Cellular Neuroanatomy

Your brain may look like a clump of gray slime, but it is much more complex than that. Actually, every human nervous system is tissue comprised of billions of cells, working in unison to help you function. Nervous system tissue is made of nerve cells and supporting cells.

Structure of Neurons

Neurons are the primary nerve cells responsible for receiving and sending information. Large networks of neurons integrate information and produce your thoughts, feelings, actions and sensations. There are about 100 billion neurons within your brain. Neurons are made of a cell body (which contains the nucleus and other cellular components), dendrites, and an axon.

Dendrites are twisted extensions from a nerve cell. Dendrites receive information from other neurons. Usually, neurons have dendritic trees, a mass of dendrites emanating from the cell body, much like branches from a tree trunk. Such extensive branching creates greater surface area, allowing space for many more connections with other neurons. In dendrites, signals from other neurons travel only from the connection down the dendrite toward the neuronal body.

Axons are long, thin extensions from nerve cells that, in contrast to dendrites, send electrical signals from the cell body toward other neurons. Axons are wrapped in bundles of insulating membrane called myelin. Like duct tape around a leaky garden hose, myelin keeps the flow (an electrical signal in this case) from spilling out and increases efficiency. Without myelin, signals would leak and dissipate before they reached the end of long axons.

Neuronal Communication

Neurons use synapses, a type of cellular connection, to communicate with each other. The very tip of an axon, called the axon terminal, comes into close contact with cell bodies, dendrites, or other axons to form a synapse. There are two types of synapses, electrical and chemical.

Electrical synapses consist of the membranes of two neurons abutting each other. One membrane is the axon terminal, and the other membrane is that of a cell body, dendrite, or another axon. A protein junction forms a hole between the two membranes, allowing the electrical signal to pass directly from one cell to the other. Electrical synapses are much faster than chemical synapses, but unlike chemical synapses, cannot be regulated or controlled. Electrical synapses are unaffected by methamphetamine.

[Insert image of chemical synapse]

Unlike electrical synapses, chemical synapses may be regulated and are affected by methamphetamine. Chemical synapses have a presynaptic membrane (the axon terminal), a postsynaptic membrane (a dendrite or neuronal cell body), and a small space between the two membranes called the synaptic cleft. Signals always travel from the presynaptic membrane, through the synaptic cleft, and to the postsynaptic membrane.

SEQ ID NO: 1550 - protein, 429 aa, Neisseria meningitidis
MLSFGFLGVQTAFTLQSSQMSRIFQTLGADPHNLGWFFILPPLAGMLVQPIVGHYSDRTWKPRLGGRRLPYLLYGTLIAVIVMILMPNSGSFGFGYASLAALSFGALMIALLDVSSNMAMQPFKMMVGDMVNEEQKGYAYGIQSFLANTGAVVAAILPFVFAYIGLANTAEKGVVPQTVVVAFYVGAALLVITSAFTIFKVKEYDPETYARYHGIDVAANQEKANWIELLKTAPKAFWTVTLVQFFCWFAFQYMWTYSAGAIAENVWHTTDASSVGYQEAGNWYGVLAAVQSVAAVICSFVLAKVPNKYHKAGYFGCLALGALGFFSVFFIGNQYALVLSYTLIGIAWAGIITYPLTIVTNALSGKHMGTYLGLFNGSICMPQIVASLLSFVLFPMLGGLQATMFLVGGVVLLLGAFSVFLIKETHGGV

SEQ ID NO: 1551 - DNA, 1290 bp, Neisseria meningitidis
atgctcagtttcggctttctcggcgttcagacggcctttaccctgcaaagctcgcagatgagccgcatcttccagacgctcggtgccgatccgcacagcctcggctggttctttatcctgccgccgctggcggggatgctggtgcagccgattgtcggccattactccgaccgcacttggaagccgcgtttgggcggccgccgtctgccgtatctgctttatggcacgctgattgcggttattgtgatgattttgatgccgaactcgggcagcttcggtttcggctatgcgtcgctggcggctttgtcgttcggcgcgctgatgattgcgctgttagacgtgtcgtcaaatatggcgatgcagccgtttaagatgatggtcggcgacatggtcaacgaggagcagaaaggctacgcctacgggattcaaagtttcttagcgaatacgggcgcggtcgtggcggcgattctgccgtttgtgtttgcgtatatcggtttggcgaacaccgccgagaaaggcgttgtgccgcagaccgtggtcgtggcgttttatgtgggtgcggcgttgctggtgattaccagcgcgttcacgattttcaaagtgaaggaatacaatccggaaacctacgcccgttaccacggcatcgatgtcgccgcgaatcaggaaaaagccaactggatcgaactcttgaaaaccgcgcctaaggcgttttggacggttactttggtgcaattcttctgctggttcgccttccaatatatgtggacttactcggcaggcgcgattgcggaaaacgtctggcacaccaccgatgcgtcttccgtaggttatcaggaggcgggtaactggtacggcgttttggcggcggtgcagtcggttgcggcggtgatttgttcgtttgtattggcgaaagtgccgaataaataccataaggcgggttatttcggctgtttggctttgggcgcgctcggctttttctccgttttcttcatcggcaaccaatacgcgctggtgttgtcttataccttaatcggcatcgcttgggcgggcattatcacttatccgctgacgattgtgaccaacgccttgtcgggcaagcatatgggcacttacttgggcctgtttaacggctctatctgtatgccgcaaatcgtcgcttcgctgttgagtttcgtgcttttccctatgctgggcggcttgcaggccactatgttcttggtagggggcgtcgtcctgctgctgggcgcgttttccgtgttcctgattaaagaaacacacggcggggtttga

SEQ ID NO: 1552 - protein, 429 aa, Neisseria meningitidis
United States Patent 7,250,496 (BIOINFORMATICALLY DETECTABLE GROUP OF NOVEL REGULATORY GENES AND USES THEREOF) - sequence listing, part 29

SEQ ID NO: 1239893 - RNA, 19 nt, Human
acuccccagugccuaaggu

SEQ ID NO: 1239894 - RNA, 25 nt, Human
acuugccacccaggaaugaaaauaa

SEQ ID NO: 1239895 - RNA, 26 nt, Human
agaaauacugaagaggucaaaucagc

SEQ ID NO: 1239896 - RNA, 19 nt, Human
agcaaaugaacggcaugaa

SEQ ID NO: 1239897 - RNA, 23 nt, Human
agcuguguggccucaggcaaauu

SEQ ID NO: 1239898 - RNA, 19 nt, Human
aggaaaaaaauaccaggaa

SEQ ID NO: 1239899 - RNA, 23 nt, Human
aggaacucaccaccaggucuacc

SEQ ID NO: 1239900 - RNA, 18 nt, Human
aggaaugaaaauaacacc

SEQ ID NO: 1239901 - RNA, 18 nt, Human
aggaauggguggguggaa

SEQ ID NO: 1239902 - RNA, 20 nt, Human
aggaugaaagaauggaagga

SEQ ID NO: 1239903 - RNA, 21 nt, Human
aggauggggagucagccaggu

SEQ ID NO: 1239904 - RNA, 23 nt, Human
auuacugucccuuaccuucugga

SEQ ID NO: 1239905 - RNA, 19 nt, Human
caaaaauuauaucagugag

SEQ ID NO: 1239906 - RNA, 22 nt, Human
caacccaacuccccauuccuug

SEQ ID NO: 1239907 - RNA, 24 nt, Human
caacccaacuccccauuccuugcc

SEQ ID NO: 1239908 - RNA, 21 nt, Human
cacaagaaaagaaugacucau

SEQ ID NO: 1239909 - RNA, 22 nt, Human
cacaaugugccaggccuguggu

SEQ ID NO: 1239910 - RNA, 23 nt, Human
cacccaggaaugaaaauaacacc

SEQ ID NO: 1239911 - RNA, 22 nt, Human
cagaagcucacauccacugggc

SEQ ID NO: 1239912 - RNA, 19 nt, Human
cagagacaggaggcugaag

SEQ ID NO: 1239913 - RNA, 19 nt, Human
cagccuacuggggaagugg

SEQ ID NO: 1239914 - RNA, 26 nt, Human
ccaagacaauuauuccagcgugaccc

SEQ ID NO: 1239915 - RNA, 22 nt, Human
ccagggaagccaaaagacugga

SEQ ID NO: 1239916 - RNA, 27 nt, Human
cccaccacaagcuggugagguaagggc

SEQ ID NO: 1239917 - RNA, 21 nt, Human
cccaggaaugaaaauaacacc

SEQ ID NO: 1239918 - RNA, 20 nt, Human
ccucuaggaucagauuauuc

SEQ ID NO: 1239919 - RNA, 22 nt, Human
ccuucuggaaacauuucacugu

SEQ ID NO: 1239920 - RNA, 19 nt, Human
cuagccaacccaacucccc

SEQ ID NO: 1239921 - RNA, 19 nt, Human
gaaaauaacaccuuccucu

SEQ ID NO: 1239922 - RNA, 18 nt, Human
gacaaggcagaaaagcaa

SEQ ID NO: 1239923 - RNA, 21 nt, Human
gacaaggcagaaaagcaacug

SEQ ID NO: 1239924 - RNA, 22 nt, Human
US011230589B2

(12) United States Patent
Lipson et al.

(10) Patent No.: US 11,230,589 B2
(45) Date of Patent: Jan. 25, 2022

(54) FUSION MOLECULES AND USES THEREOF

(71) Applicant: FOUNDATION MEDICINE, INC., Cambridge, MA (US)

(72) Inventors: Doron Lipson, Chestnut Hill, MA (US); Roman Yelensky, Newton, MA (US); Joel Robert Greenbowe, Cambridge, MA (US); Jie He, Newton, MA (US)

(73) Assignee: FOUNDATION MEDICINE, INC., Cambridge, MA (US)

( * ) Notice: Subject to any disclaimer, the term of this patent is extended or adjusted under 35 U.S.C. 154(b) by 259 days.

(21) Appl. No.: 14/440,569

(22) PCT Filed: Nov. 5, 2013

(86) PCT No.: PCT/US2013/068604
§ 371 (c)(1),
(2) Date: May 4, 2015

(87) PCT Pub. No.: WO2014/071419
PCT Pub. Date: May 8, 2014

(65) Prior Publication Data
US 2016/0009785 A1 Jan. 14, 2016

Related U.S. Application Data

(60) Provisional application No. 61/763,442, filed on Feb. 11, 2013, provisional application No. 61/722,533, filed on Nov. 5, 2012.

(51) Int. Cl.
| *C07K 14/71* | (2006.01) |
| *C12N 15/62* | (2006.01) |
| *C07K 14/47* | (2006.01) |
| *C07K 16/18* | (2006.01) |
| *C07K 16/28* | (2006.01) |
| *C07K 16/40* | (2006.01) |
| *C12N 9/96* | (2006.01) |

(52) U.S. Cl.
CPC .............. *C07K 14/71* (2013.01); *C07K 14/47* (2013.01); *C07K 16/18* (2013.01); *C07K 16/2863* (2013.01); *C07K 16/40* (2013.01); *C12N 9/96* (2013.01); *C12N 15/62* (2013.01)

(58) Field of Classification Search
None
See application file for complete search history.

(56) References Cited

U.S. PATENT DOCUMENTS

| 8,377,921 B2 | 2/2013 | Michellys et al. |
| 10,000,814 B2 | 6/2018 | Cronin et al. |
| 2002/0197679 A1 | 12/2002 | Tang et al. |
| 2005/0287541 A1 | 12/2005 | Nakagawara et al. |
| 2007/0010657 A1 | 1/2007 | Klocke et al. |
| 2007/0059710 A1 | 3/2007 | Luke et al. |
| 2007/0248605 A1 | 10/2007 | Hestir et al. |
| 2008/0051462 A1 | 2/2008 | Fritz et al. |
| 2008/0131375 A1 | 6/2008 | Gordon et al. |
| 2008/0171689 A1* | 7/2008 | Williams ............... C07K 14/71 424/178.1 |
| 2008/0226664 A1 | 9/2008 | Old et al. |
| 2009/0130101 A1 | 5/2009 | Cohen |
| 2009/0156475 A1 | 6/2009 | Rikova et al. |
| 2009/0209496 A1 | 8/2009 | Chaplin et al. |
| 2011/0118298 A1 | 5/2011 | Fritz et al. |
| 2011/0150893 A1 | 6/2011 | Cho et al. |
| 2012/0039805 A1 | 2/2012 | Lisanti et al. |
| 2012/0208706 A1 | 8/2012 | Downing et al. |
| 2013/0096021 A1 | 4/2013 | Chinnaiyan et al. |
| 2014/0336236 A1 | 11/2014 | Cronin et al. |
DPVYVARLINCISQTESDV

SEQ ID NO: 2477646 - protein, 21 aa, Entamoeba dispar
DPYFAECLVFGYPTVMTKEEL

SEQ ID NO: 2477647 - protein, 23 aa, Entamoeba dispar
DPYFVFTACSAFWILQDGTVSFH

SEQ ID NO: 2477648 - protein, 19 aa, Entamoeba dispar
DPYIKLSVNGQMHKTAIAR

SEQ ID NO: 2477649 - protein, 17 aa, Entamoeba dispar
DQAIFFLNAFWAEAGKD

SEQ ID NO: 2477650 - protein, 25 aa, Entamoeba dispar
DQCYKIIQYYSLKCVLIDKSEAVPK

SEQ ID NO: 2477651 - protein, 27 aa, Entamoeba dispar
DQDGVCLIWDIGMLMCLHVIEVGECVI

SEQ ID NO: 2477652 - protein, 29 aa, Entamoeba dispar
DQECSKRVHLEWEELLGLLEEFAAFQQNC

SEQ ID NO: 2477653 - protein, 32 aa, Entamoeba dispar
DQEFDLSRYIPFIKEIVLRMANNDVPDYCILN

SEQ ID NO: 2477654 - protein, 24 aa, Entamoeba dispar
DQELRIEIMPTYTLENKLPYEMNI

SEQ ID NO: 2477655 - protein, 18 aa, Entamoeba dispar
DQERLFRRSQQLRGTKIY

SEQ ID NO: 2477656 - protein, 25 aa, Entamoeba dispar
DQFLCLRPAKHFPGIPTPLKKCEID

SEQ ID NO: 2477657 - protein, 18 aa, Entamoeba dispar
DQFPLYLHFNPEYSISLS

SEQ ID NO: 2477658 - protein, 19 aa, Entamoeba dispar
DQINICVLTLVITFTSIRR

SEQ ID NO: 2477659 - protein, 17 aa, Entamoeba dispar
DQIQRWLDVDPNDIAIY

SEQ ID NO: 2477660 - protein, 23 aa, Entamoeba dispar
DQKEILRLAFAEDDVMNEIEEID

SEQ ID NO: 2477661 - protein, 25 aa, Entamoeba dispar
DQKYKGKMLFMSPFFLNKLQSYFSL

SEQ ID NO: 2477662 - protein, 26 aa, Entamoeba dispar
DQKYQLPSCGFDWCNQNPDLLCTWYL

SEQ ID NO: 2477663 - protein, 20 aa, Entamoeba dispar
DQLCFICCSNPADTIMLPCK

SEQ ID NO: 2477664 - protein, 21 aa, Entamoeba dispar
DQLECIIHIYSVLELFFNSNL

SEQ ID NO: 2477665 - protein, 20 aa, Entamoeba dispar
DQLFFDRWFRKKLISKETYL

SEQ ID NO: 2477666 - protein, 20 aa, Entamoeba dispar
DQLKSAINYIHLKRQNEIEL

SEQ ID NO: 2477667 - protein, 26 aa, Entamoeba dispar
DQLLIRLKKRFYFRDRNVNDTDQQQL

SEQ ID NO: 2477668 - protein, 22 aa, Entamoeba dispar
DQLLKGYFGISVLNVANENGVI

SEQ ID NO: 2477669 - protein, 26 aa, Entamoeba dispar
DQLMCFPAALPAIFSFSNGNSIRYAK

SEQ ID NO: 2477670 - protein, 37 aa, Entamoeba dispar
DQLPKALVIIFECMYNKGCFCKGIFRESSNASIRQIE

An electric signal travelling down the axon stimulates merger of enclosed neurotransmitter bundles called neurotransmitter vesicles with the presynaptic membrane. Fusion of vesicles with the tip of the axon terminal releases neurotransmitter molecules into the synaptic cleft.

After passing through the synaptic cleft, neurotransmitter molecules then bind to receptors on the surface of the postsynaptic membrane, similar to keys fitting into locks. Binding causes proteins called ion channels, in the same fashion as a door, to open or close. Charged particles, called ions, enter the postsynaptic membrane through the opened ion channels. The ions generate either increased or reduced electrical flow, leading to either excitation or inhibition of signal.

Neurotransmitters then quickly break their bonds with the receptors and flow backwards into the synaptic cleft to be recycled into the axon as vesicles, ready for the cycle to start again.

[Insert fig 5.1 and 5.3 Neurophysiology]

In addition to neurons, synapses and blood vessels, your nervous system contains around 300 billion supporting cells, known as glial (glue) cells. There are many different types of glial cells in the nervous system with varying functions. Astrocytes serve as structural support for the nervous system, and provide neurons with nutrients. Oligodendrocytes in the central nervous system and Schwann Cells in the peripheral nervous system produce myelin and wrap the myelin around axons. Microglia recycle dying neurons and, like white blood cells, destroy foreign invaders.

Now that you know some fundamentals about the nervous system, feel free to read more about the neurology behind methamphetamine use [Link to Angela, Jace and Tucker].

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